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Diabetes Mellitus and Geriatric Patients

With the changes that are taking place at a demographic level and in living habits, with a substantial increase in overweight and obesity rates in Western countries, the presence of diabetes mellitus and its consequences are increasing greatly.

The phenomenon of diabesity is often considered a global pandemic, being mainly a geriatric problem. The prevalence rate in the population of type 2 diabetes mellitus is 13%, rising to 20% in elderly patients.  A national prevalence study (Di@betes) shows a prevalence of 30% in men over 75 years and 33% in women of the same age range. With ageing there are changes in fasting plasma glycaemia (6 to 14 mg/dl per decade from age 50) and postprandial glycaemia (1 to 2 mg), which translate into changes in sensitivity and insulin secretion.

A very important factor to take into account is the risk of hypoglycaemia, where age itself is a risk factor, such as the use of certain medications (most often insulin, anti-diabetics such as sulphonylureas or glinides), alcohol, reduced intake, low socio-economic status or the presence of chronic renal failure. In the elderly the vegetative symptoms are reduced, being more frequent those neurological (confusion, cognitive disorders) or sometimes in the form of fatigue, weakness, with the risks that it supposes especially in those who live alone. Patients with diabetes increase by 1.2 times the risk of depression, and patients with depression have a 1.6 to 2.5 times greater risk of diabetes. The risk of cognitive impairment and chronic pain is also increased, so that the fatal 4 d (diabetes, depression, dementia, pain) are related to each other, such as the presence of urinary incontinence, falls with possible fractures, risk derived from polymedication and malnutrition, causing excessive disability and worsening of quality of life in the elderly.

For all these reasons, the therapeutic approach must take into account the patient's preferences, the beliefs of the caregiver, a good knowledge of the available social network, avoiding as far as possible the therapeutic complexity, as well as assessing the risk of hypoglycemia, comorbidities, functional capacity and life expectancy, in order to make a suit tailored to the real needs of the person.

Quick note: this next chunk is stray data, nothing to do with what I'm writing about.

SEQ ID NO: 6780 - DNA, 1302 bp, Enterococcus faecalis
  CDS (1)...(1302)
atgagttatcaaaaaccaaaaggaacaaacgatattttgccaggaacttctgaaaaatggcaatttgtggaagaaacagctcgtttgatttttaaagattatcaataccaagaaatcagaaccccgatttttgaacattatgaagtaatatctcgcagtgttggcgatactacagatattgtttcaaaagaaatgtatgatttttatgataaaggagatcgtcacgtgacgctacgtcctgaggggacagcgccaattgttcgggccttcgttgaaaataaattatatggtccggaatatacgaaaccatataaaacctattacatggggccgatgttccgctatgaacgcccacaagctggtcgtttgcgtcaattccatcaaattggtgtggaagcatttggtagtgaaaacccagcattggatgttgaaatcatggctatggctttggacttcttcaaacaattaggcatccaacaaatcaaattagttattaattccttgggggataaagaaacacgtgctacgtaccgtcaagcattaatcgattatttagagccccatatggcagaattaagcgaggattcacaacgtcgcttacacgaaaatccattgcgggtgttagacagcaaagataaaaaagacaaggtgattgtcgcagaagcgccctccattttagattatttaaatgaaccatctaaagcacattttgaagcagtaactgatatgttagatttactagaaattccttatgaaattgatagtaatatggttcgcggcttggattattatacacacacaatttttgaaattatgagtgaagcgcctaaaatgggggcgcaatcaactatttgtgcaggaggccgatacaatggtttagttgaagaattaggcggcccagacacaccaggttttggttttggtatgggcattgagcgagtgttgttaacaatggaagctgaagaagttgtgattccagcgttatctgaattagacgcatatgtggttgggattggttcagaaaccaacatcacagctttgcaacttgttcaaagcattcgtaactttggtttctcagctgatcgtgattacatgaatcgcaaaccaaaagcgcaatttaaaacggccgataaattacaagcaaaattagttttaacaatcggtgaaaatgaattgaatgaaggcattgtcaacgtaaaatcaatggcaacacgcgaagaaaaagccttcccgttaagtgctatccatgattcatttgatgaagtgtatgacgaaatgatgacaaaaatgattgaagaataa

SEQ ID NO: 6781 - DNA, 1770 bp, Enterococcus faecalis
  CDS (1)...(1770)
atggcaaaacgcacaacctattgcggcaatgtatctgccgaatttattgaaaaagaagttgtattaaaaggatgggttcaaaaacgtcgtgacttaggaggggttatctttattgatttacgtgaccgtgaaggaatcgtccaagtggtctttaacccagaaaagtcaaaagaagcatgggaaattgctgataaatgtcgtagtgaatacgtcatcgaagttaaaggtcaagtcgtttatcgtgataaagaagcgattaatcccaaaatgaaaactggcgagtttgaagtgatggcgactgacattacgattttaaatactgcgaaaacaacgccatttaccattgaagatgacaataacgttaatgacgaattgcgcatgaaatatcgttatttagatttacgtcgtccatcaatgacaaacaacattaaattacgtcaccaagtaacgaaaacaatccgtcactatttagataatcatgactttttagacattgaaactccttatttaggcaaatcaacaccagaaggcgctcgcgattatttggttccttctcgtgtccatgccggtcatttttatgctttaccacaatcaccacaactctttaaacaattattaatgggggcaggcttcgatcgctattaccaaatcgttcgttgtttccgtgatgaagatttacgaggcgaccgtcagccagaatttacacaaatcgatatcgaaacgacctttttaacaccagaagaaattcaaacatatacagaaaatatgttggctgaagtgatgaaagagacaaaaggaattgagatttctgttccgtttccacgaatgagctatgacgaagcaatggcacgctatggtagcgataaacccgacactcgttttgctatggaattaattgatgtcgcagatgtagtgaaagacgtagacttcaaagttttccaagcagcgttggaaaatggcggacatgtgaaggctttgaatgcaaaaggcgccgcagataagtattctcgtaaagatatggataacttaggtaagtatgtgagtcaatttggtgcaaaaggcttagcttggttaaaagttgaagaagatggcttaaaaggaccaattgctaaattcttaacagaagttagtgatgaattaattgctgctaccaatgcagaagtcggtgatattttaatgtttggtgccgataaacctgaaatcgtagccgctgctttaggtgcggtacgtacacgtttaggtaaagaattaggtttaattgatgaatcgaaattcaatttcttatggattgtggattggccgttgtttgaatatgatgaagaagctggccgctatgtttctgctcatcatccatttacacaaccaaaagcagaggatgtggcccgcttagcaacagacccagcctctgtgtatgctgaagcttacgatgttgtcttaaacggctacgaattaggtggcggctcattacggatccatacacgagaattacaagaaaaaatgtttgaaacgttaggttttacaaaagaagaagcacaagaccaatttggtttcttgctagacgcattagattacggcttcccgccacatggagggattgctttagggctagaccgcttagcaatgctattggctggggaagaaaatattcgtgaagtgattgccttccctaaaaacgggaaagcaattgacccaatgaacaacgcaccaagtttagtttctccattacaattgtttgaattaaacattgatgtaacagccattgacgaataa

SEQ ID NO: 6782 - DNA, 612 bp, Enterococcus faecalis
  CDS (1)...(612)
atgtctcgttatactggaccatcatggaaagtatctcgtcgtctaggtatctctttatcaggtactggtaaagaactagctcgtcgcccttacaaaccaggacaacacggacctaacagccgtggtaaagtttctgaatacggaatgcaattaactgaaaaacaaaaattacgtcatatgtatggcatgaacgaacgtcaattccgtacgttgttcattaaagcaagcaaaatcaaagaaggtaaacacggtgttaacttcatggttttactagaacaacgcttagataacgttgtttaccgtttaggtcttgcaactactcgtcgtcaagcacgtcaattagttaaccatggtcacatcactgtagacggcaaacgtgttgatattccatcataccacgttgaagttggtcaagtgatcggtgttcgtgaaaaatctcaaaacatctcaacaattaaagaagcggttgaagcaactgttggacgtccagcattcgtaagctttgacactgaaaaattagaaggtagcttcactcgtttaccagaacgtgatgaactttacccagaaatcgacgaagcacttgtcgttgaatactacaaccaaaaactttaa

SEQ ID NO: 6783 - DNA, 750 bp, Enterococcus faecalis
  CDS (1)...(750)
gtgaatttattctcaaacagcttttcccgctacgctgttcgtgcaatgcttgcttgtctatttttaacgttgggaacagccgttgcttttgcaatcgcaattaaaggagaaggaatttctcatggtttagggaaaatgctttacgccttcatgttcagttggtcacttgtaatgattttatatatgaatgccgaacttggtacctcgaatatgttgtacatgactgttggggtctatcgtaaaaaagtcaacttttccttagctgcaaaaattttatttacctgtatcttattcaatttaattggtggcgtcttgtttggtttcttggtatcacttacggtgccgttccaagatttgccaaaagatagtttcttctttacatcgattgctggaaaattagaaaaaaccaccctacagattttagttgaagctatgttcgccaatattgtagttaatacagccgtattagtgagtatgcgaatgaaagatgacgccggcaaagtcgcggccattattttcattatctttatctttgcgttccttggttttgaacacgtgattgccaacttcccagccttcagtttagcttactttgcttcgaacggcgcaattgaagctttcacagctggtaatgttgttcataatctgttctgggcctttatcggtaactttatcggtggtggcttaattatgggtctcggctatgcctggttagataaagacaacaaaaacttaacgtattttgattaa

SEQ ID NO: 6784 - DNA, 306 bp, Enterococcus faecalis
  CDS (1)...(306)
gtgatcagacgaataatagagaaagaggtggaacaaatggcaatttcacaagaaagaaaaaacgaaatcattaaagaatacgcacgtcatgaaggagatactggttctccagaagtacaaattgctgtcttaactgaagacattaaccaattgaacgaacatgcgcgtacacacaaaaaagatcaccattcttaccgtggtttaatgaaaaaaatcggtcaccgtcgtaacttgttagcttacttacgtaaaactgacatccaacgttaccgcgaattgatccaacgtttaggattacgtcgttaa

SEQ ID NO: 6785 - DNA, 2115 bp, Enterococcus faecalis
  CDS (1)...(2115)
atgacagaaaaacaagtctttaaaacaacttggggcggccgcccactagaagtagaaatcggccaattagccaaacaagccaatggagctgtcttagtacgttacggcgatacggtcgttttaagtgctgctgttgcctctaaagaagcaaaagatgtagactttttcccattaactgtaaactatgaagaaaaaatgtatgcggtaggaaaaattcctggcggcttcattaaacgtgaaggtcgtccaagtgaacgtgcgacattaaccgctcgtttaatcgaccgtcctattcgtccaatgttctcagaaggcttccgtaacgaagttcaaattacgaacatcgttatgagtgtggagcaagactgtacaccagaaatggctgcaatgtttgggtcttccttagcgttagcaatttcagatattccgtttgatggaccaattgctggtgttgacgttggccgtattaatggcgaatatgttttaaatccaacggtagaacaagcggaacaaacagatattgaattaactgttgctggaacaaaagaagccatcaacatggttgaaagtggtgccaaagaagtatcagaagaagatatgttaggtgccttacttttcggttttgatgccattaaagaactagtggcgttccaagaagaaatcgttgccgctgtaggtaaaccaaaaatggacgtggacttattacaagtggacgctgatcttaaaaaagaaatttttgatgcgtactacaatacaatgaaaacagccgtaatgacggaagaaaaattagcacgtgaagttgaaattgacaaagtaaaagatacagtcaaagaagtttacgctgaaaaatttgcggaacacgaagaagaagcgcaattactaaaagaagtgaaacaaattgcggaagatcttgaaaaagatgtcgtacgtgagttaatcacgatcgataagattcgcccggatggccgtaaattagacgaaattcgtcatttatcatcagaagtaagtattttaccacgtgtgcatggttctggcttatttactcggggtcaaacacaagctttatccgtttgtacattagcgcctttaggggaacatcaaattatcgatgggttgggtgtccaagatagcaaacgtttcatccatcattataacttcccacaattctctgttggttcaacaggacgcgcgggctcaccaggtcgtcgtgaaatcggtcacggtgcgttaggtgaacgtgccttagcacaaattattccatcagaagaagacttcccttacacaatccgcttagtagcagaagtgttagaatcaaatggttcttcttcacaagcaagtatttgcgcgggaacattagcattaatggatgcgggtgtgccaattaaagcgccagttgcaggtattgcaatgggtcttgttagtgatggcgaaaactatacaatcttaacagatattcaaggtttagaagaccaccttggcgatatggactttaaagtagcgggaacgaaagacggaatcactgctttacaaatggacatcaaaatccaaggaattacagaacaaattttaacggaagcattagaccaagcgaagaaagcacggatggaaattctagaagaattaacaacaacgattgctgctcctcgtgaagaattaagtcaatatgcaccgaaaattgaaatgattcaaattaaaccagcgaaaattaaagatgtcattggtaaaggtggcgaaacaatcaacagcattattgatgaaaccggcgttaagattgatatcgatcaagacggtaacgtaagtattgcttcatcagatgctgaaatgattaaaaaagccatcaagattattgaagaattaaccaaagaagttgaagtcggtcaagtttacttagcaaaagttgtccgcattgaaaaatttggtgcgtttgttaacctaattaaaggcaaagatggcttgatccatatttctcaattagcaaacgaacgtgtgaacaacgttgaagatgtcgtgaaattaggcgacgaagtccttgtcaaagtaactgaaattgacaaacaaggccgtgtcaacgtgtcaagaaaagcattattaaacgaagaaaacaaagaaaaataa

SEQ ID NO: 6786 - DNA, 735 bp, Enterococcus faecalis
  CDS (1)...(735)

Metabolic control targets should not be as strict as in adults, so the glycaemic target measured as a function of HbA1C (glycated haemoglobin) varies according to the patient's classification (see table), and blood pressure control targets should be <140/90 mm Hg, as it is known that below 120 mm Hg negative results increase and especially in fragility studies mortality can be increased, such as intensive glycemic patterns that increase mortality by 22% (ACCORD study); little information is available on lipids in people over 80 years of age, where intensive controls do not reduce cardiovascular events; anti-smoking advice should be given annually and the use of antiaggregation is only indicated as a secondary prevention measure.

In 2015, the American and European Diabetes Associations* have produced a guide to patient-centred treatment, which highlights the importance of treatment with safe drugs with a good metabolic and cardiovascular profile (no weight gain, low risk of hypoglycaemia), blood pressure and heart rate monitoring) such as GLP1 analogues or SGLT2 receptor inhibitors compared to the use of sulphonylureas (interactions and high risk of hypoglycaemias), glitazones (risk of heart failure and fractures), although attention should be paid to pharmacovigilance studies of new drugs.

For all these reasons, the importance of comprehensive geriatric assessment is already evident, adapting interventions to care objectives and detecting as soon as possible those geriatric syndromes that condition the quality of life of the patient and his/her environment.

Related posts: Diabetes Mellitus - a Multidisciplinary Approach

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